posted by DingoMutt at 9:32 AM on May 6 [1 favorite]


Oh, Code Name Verity, yes! And Rose Under Fire, which in many ways is even more heart-wrenching.

Also the Montmaray novels by Michelle Cooper: especially the last one, The FitzOsbornes at War. If I were a crying type, I would have wept copious tears over that.
posted by suelac at 9:38 AM on May 6


I just need to say one more thing about The Fault in Our Stars. It's not a spoiler to tell you that the protagonist is a teenage girl with terminal cancer. So the thing is, I read a TON of books about death, fiction, nonfiction, you name it. I am often moved. But I rarely cry (and I didn't cry while reading the books you named as ones you read without crying). But The Fault in Our Stars is so true and so touching that, well, yeah, believe me, you'll need that box of kleenex. And possibly not for the reason(s) you expect.

I also cried in a few places at Richard Powers' great book (or should I say one of his great books) Plowing the Dark.
posted by janey47 at 9:55 AM on May 6 [1 favorite]


Oh man, I completely forgot about His Dark Materials until just now. Yeah, that definitely wrung a tear or two or of me, I'm petty sure.
posted by quincunx at 10:33 AM on May 6


Suzanne's diary for Nicholas by James Patterson. Bawled my eyes out in public.
posted by JujuB at 11:05 AM on May 6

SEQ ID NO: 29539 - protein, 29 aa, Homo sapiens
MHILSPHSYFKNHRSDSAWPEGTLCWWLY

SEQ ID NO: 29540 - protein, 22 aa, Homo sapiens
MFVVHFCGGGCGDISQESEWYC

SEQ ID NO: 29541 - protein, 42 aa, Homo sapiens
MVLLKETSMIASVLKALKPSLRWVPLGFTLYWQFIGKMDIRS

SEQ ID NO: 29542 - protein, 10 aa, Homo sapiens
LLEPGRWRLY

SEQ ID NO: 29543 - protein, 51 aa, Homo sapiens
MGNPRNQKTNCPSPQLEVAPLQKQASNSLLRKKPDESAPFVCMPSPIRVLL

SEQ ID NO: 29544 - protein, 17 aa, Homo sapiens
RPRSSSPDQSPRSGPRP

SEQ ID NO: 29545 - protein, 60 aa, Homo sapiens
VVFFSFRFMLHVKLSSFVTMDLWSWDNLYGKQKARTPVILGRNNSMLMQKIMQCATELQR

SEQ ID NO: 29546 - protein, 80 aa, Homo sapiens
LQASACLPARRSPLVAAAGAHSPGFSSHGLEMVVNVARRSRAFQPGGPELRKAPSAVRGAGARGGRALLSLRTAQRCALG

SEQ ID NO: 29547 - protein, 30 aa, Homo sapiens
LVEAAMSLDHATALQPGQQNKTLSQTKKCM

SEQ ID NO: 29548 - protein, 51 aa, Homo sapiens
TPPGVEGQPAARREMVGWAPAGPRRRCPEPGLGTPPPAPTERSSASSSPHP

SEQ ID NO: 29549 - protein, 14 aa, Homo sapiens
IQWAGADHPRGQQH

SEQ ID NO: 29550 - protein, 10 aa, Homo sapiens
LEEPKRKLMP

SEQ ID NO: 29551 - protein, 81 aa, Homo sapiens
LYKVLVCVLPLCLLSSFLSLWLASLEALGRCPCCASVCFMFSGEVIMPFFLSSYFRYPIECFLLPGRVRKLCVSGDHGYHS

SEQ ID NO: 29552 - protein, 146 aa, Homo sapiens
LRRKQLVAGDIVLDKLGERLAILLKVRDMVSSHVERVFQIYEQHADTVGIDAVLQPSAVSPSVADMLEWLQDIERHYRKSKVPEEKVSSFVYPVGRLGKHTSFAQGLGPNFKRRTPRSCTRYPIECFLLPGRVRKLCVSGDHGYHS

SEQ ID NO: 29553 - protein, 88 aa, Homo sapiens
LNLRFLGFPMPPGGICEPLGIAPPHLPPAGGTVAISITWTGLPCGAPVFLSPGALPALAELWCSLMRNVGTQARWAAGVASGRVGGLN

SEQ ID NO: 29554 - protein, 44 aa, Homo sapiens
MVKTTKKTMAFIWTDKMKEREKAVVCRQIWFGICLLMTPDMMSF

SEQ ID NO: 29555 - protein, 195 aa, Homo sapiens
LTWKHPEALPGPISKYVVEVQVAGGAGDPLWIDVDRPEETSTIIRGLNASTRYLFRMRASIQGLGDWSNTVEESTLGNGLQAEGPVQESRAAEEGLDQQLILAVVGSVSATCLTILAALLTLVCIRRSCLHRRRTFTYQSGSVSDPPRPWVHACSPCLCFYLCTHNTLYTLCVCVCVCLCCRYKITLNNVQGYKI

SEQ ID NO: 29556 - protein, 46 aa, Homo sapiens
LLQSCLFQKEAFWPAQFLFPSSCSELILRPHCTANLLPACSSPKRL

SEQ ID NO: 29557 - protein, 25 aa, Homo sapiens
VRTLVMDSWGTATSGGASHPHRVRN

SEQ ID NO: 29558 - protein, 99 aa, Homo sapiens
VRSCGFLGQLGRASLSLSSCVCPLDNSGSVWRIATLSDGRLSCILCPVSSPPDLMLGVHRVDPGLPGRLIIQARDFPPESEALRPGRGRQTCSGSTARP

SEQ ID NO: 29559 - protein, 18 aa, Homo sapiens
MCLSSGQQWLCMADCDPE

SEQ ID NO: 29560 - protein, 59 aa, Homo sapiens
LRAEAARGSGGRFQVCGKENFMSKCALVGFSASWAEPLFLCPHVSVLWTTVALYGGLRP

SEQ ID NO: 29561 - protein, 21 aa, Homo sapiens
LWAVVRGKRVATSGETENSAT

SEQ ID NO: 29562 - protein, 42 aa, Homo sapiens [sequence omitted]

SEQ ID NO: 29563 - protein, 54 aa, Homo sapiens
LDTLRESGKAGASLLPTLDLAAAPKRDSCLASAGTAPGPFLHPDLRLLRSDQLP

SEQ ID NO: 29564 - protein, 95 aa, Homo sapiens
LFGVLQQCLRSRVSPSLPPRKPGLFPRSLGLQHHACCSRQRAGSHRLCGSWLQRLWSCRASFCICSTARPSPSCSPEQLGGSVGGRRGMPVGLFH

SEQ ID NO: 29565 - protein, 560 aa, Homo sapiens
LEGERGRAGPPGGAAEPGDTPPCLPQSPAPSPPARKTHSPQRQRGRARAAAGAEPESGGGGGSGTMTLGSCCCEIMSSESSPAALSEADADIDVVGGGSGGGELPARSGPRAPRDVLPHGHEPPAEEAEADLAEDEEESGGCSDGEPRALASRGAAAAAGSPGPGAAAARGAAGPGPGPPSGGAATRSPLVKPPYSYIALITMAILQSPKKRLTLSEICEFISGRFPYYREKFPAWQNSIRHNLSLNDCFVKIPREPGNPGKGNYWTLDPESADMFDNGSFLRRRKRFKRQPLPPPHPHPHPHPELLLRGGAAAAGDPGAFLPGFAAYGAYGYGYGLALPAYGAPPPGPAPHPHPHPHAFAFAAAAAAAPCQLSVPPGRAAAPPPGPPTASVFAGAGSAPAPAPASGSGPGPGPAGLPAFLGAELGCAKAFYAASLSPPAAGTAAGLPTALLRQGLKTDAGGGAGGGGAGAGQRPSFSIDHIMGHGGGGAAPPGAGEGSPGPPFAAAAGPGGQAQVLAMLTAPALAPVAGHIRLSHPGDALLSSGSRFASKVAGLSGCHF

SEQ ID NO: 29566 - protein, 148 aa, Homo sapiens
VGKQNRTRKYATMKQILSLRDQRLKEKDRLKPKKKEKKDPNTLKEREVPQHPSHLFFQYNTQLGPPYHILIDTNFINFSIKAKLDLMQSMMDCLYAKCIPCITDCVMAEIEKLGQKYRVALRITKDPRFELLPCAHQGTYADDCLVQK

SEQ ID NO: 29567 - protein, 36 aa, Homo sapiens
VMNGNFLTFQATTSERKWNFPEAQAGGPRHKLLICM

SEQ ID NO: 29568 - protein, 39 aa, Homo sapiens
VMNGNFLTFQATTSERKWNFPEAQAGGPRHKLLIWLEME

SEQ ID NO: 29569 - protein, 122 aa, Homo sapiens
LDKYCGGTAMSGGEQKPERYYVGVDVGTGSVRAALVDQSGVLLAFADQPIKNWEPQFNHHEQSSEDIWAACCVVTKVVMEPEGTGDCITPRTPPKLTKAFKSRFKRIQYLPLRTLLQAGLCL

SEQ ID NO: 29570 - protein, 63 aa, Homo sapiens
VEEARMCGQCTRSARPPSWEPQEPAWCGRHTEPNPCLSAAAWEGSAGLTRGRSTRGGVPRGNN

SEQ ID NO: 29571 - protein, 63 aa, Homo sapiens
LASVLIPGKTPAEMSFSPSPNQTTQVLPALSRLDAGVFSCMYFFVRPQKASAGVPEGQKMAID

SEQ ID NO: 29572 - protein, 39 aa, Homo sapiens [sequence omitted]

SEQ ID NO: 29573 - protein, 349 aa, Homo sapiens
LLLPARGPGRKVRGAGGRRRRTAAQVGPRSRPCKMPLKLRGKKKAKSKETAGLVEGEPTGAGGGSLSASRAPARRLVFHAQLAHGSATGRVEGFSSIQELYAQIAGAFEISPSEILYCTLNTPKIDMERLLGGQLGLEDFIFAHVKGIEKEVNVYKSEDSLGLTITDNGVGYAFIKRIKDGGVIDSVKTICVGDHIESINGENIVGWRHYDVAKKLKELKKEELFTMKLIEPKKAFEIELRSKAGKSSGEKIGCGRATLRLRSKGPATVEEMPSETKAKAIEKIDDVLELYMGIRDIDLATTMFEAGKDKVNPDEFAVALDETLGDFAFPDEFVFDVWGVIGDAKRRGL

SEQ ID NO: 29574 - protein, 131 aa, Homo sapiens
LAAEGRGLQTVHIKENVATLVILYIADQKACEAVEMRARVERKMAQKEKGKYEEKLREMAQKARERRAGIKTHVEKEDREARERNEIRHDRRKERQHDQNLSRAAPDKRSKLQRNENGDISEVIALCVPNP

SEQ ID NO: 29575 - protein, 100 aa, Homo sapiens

Seconding A Prayer for Owen Meany by John Irving. I listen to audiobooks for my long commute. Towards the end of this one I had to pull over because my eyes were tearing up to a point where I had trouble seeing the road.
posted by tckma at 11:54 AM on May 6


The Shock Of The Fall totally got to me. (They changed the title for US readers, so you'll want to search under Where The Moon Isn't.)

Also heartily adding my voice to those who recommended The Book Thief and The Fault In Our Stars. (I'll confess to not being a fan of the narrator conceit in The Book Thief, but the main story once it begins is so worth it.)
posted by the latin mouse at 12:26 PM on May 6


A couple I read recently that might have the effect you're looking for...

The Art of Racing in the Rain

Sarah's Key
posted by Shadow Boxer at 12:50 PM on May 6


I don't often cry while reading books, so when you say you are a tough nut to crack and Never Let Me Go didn't do it for you, I can relate (though that one did make me tear up a little at the end).

So I was thinking about the last book that really made me cry and I realized to my surprise it was Hana's Suitcase. It's one of the books we use in our adult literacy class--we read it out loud together. Despite my extreme dislike of crying in public and the fact that I've read it several times, I end up crying every time we read it. But so do most of my students, so it's a bonding experience.
posted by hurdy gurdy girl at 2:42 PM on May 6


The Brief Wondrous Life of Oscar Wao by Junot Diaz

The Goldfinch by Donna Tartt

nthing Time Traveler's Wife